2. Students who miss a day of school should see the Make-Up Work Folder located on the bookshelf next to the pencil sharpener. In this folder, students can find a detailed list of what notes and activities they need to make up. Handouts will be in the folder, but students must borrow notes from another student and copy them by hand to their notebook. Missed assignments are due within 3 school days of the student's return.
3. Required daily materials include a black or blue pen, a pencil, a designated 3-ring binder, and the course textbook. Any other daily materials will be listed on the classroom board, so students can view them as they enter the room and get any required materials before the bell rings.
4. Homework will be assigned daily Monday through Thursday and due at the beginning of class, whether the class reviews it then or later. All work is to be original. Some assignments will be based on completion; others will be graded item by item.
5. Students will use a 3-ring binder dedicated to this course to collect notes, maps, graphic organizers, and other classroom materials. Each item in the notebook, regardless of its type, will be called a document and given a consecutive number. The notebook will be collected and graded based on completion once each grading period and constitutes a large part of students' daily work grade.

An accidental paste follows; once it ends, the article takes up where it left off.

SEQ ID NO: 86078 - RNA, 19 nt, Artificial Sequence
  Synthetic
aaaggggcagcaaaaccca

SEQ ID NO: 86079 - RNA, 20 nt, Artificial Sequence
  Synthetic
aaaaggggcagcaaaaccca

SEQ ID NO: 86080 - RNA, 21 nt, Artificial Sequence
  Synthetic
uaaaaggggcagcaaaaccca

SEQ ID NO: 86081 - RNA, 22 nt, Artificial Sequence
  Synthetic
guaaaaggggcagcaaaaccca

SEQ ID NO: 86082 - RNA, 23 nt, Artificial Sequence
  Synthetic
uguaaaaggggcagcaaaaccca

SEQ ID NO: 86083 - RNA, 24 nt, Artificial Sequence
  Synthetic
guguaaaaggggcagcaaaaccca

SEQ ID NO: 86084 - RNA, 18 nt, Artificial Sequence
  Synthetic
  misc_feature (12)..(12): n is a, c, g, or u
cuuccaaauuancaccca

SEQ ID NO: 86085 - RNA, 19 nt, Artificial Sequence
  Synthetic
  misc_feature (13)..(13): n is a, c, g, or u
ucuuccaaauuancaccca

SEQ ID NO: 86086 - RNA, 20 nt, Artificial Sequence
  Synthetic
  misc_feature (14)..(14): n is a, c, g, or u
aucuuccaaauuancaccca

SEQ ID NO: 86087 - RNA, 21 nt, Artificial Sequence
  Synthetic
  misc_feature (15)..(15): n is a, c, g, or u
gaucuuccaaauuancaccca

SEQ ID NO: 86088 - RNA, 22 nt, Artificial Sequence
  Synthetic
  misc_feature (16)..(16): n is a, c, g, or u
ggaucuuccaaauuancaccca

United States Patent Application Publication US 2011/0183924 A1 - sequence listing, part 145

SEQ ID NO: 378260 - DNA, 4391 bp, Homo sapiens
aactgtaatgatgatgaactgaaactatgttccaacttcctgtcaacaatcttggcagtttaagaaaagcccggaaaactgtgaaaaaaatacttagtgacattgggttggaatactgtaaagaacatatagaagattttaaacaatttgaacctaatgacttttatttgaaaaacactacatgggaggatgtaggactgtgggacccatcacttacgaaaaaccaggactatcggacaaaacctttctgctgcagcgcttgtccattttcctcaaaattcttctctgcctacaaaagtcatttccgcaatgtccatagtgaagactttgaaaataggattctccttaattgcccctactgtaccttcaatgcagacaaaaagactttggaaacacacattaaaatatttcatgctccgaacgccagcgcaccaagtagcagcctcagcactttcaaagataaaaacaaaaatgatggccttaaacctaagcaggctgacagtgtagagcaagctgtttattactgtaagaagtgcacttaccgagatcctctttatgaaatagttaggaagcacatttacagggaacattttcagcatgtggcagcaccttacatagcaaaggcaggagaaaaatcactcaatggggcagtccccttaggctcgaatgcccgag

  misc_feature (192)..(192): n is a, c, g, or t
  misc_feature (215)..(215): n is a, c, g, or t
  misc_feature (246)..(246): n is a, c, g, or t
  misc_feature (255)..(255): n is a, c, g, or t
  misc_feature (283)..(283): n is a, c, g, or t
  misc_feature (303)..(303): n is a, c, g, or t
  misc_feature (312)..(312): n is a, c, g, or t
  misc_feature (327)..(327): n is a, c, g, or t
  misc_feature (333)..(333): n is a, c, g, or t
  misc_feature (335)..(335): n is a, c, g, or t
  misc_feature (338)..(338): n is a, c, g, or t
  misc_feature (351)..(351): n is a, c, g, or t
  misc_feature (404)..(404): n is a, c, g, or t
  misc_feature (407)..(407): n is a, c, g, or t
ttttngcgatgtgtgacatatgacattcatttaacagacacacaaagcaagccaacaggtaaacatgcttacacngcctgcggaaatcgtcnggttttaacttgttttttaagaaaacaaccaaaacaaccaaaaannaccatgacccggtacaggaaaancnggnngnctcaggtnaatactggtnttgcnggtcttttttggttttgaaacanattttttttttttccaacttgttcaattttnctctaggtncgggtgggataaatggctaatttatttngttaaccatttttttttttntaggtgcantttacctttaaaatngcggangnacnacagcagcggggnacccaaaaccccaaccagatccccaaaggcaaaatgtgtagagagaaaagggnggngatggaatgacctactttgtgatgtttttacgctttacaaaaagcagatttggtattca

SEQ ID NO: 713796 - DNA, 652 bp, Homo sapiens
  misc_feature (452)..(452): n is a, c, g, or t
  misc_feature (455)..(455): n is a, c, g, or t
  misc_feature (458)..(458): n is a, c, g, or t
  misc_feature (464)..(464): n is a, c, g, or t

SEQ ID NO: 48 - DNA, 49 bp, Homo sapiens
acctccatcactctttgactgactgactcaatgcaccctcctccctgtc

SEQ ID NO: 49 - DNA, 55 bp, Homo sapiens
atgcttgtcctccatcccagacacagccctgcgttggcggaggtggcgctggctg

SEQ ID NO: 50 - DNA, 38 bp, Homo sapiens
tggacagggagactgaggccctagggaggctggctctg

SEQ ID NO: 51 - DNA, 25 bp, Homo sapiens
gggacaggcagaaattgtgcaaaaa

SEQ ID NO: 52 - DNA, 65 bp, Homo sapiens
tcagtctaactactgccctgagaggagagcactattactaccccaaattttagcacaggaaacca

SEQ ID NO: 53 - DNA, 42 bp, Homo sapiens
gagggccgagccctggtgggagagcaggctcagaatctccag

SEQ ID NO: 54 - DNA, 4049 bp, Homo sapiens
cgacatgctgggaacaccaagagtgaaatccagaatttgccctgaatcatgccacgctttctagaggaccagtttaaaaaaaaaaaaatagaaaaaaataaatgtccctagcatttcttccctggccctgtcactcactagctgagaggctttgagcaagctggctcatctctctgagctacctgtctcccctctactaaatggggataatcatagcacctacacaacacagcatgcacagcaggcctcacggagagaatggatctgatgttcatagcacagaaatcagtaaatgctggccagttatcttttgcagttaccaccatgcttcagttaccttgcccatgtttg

To communicate these standards to students, verbal and graphic methods should both be used. Also, the plan has to be communicated to parents as well as students (Wong, 1991, p. 170). Graphic methods include writing the rules and procedures for students on handouts that they include in their class notebook, as well as posting the rules on the classroom wall. Parents will be asked to read the rules and procedures established for the class, and then sign a note confirming they have knowledge of them. During the first days of class, students will hear explanations of the procedures and practice them (Wong, 1991, p. 177).
To implement standard 5, regarding the class notebook, the teacher should produce samples of notebooks from previous years for students to view, and explain the different types of documents to be included. If possible, handing out a table of contents beforehand helps students' notebooks stay organized. The teacher must emphasize when documents for the notebook are being made, and differentiate them from daily class work that would be handed in. Consistent reinforcement during the first weeks will help students remember to include all necessary documents in the class notebook, allowing them to score a high grade on their daily work.
Establishing high expectations for students provides them the immediate benefit of improved academic performance and allows them to realize their potential.
Wong, H. K. The first days of school: How to be an effective teacher. Sunnyvale, CA: Harry K. Wong Publications,